MMT Is a Disaster Waiting to Happen

MMT is the most potentially damaging economic doctrine I have ever encountered, with the exception of communism.

Let’s begin with the idea that the Fed and Treasury should be merged in practice so that the Fed will monetize any amount of spending or borrowing the Treasury wants.

The reason markets have any confidence at all in the Fed is precisely because they are perceived as independent of congressional spending plans. MMT takes this confidence for granted and assumes the Fed can just crank up the printing press whenever the Treasury likes.

But, as soon as this kind of coordinated effort appears, markets will lose confidence, inflation expectations will soar and interest rates will skyrocket. The plan would collapse before it really began. This is exactly the type of adaptive behavior by investors and markets that MMT academics do not understand.

MMT says that a currency issuer such as the U.S. can never go broke because it can simply print money to pay off the debt (provided the borrowings are in the same currency as the printed money). This may be true in some narrow, literal sense, but it does not mean investors have to wait around for the trainwreck.


The evidence is strong that debt-to-GDP ratios above 90% are a major headwind for growth. Today that ratio is 130% and heading higher. More borrowing does not produce growth; it simply makes the debt problem worse.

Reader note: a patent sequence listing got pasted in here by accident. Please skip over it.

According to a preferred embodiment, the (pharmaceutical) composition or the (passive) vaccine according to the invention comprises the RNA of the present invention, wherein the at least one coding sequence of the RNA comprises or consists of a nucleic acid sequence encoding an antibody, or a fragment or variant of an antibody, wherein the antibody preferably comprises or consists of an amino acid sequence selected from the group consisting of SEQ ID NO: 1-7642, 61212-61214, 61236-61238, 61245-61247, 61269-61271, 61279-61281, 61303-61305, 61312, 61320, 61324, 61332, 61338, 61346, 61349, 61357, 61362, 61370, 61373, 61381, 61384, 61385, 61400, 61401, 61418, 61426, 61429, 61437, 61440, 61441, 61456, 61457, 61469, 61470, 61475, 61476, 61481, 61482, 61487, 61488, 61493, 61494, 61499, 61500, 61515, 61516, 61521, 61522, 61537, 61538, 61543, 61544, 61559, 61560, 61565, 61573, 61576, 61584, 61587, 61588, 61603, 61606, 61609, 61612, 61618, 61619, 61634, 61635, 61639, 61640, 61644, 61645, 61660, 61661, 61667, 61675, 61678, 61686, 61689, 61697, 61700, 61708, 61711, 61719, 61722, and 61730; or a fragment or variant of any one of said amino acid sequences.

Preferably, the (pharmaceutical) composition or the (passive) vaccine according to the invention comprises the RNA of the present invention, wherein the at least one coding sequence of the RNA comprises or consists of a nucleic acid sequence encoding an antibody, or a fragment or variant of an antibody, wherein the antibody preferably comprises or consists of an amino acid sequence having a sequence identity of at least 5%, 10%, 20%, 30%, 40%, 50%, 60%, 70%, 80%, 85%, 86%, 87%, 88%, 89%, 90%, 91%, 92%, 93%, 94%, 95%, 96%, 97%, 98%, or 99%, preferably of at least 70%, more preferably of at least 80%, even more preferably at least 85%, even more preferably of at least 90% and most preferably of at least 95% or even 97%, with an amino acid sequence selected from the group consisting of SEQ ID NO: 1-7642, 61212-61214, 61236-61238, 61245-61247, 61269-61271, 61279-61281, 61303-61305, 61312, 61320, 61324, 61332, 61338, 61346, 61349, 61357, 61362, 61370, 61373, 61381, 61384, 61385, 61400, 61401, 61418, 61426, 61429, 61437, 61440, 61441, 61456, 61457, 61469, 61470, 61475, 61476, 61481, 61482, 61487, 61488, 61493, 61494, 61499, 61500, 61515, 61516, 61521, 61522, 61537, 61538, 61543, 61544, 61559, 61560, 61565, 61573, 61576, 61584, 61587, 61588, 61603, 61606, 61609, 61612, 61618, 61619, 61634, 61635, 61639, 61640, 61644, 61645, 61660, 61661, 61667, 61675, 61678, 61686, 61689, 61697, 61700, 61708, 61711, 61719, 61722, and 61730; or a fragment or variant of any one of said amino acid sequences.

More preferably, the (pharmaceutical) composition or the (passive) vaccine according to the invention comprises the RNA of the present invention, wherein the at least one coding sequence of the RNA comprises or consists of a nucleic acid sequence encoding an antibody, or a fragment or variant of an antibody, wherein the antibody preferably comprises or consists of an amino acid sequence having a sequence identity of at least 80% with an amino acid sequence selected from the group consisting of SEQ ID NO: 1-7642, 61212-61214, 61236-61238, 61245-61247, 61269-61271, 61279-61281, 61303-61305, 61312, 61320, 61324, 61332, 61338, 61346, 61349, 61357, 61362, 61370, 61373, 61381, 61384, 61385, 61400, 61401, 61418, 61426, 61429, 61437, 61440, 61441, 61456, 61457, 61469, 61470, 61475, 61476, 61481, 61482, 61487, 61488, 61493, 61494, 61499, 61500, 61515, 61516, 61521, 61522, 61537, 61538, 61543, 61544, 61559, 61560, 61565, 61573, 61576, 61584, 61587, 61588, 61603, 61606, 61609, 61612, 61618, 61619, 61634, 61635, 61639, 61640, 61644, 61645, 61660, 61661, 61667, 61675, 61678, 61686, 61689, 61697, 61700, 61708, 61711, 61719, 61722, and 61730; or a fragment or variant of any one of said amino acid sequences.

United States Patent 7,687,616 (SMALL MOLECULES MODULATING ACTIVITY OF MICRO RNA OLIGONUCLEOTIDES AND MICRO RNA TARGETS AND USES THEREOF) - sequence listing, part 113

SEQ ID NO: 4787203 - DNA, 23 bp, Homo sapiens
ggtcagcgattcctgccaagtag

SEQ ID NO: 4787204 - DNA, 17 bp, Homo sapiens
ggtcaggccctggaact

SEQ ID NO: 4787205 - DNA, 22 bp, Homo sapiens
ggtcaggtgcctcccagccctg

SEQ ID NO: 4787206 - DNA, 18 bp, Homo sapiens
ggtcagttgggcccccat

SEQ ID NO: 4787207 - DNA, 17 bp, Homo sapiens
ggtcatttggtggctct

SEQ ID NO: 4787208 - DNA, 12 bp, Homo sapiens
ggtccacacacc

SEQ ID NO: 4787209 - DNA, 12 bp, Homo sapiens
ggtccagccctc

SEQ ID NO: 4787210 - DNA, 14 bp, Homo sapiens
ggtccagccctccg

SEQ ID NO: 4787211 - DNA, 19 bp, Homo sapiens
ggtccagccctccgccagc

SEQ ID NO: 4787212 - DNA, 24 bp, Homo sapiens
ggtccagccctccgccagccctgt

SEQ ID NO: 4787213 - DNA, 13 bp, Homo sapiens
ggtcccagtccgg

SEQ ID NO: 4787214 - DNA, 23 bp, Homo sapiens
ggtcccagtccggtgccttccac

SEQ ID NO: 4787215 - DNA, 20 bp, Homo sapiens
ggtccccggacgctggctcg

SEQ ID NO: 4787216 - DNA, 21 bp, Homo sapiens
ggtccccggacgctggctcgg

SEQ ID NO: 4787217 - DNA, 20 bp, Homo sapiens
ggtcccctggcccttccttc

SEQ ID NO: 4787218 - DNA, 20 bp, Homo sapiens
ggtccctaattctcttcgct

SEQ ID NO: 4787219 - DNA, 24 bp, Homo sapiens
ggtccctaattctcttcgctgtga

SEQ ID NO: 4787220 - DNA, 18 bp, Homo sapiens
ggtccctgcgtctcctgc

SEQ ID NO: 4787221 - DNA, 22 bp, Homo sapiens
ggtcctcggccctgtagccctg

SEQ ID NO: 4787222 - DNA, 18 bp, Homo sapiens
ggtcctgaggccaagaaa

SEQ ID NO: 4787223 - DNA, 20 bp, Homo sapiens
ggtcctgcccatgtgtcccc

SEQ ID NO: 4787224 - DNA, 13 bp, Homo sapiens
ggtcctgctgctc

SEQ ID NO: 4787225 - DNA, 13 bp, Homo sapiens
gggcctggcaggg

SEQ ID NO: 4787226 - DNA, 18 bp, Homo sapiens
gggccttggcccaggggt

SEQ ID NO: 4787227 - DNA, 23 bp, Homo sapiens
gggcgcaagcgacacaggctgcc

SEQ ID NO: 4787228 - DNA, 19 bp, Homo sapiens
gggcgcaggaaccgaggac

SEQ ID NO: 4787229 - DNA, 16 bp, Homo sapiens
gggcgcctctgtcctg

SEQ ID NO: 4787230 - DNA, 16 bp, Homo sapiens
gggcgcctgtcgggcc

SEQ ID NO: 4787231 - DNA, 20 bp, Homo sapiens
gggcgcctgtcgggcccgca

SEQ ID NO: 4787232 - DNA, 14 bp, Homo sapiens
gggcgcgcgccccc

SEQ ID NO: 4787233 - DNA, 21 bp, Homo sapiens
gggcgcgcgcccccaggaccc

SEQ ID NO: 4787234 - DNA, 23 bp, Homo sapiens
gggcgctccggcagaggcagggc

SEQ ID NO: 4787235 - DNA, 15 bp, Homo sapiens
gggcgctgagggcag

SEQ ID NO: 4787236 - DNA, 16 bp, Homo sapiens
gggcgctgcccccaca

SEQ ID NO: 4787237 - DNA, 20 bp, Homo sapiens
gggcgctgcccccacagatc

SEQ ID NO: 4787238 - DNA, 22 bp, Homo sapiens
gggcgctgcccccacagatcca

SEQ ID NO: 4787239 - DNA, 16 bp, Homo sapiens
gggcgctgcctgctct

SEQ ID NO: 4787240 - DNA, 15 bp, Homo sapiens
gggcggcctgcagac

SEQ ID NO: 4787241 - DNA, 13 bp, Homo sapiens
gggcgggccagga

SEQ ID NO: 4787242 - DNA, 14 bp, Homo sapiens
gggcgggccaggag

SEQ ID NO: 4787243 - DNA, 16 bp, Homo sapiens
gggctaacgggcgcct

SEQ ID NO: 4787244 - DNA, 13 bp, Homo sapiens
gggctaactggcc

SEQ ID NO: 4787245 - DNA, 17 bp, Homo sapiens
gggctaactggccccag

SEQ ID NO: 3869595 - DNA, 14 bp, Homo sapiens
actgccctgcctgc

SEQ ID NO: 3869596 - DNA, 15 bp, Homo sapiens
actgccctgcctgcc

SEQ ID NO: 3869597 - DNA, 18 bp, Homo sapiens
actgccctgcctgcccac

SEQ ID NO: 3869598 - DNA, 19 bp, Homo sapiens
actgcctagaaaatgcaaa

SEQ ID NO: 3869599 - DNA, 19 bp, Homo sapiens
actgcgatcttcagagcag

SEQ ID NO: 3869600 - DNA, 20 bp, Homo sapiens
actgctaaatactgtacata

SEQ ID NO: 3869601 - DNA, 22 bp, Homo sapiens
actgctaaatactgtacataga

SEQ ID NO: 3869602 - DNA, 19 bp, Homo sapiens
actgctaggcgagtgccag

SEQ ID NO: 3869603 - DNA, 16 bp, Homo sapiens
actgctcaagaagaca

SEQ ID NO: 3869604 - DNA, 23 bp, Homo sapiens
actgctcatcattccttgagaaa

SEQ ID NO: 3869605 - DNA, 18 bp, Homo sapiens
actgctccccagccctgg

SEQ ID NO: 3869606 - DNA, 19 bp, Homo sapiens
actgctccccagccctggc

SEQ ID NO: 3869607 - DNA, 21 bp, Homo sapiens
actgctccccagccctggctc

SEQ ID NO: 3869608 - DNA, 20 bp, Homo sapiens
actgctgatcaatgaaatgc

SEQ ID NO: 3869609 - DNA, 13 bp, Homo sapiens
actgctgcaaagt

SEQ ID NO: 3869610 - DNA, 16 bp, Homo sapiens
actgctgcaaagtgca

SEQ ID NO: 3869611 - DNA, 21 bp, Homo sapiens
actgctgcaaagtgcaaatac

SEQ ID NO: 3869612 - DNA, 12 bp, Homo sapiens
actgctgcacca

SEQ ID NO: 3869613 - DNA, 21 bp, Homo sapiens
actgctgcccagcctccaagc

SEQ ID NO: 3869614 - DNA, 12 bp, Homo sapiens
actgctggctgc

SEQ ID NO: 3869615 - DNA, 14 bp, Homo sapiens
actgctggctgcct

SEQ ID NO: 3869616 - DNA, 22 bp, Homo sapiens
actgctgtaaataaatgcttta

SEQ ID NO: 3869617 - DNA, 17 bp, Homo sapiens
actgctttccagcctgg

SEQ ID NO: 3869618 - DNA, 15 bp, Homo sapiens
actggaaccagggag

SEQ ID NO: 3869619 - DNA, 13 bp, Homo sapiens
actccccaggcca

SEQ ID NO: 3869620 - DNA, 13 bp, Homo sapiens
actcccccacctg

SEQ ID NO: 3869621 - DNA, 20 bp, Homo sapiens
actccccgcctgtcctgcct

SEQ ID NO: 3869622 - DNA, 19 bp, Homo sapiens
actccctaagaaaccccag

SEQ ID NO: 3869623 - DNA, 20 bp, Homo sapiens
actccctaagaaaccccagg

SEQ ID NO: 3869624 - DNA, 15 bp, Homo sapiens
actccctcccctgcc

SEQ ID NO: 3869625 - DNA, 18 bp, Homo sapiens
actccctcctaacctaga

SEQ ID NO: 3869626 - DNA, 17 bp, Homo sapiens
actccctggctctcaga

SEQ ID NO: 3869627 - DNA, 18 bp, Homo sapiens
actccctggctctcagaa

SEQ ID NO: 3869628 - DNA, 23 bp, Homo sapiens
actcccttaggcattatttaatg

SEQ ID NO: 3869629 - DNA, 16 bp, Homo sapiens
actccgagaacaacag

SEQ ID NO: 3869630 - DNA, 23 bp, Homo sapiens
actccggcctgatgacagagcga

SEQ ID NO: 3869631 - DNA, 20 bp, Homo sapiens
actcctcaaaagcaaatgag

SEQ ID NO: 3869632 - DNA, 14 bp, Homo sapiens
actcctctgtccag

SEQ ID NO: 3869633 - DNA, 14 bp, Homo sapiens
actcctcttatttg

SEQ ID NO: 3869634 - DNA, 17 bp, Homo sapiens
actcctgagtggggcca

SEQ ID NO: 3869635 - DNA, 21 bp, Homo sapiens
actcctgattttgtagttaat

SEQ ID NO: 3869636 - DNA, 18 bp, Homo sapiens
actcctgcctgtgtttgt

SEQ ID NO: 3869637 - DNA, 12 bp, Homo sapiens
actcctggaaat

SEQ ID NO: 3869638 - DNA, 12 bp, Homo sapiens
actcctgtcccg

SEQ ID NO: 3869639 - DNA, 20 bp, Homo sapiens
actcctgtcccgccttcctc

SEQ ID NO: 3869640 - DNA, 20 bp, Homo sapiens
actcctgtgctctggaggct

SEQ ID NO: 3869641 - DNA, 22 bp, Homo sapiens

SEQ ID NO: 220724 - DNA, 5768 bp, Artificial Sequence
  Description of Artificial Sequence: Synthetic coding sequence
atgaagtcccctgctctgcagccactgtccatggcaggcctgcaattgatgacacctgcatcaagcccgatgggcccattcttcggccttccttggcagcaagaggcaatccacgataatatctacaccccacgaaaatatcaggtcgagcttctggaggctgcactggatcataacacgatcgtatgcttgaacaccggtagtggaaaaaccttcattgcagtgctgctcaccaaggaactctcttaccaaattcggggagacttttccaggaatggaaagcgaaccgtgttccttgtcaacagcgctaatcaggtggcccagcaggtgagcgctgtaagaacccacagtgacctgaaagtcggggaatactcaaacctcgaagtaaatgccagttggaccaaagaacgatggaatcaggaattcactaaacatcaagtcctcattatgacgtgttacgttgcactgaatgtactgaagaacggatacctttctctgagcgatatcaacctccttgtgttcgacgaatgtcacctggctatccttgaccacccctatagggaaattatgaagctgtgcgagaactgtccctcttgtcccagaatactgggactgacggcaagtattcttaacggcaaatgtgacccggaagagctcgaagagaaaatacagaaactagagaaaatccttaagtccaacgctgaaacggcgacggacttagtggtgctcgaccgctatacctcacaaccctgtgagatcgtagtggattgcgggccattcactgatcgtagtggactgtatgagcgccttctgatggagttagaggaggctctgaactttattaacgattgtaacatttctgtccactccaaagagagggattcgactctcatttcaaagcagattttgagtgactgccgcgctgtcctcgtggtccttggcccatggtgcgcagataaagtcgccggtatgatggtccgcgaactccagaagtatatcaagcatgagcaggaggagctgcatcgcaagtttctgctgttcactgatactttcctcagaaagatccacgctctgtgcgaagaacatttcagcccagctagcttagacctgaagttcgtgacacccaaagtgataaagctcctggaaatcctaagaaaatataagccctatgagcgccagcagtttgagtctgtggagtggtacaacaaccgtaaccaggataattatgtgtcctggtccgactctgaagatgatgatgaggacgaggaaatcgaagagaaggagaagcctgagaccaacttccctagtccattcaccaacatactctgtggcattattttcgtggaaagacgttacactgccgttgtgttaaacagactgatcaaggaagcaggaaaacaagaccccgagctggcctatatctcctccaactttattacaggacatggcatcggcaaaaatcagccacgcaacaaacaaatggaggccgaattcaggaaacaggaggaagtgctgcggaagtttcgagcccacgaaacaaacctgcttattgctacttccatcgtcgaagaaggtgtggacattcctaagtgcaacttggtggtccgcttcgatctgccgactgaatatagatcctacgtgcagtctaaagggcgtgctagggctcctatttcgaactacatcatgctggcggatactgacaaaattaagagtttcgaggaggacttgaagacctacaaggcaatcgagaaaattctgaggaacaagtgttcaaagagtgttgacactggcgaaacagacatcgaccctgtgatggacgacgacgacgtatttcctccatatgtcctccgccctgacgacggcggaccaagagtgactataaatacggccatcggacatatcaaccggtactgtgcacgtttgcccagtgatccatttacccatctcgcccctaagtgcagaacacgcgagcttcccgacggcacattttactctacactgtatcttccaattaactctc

At some point, investors abandon the dollar for alternatives, such as land, oil, gold, silver, or alternative assets. Interest rates rise sharply, which only increases the deficit. The fact that the U.S. can print the money to pay the debt is irrelevant if the money itself is being repudiated.

Something like this happened in 1978 when the U.S. Treasury issued bonds denominated in Swiss Francs and West German Deutschmark because investors did not want exposure to U.S. dollars.

An even more extreme version happened in 1922-23 in the German Weimar Republic. The Weimar Republic could print Reichsmarks to pay off bonds denominated in Reichsmarks, but nobody wanted the bonds or the currency. The printing press is not the answer when it’s used promiscuously. The printing press is the problem.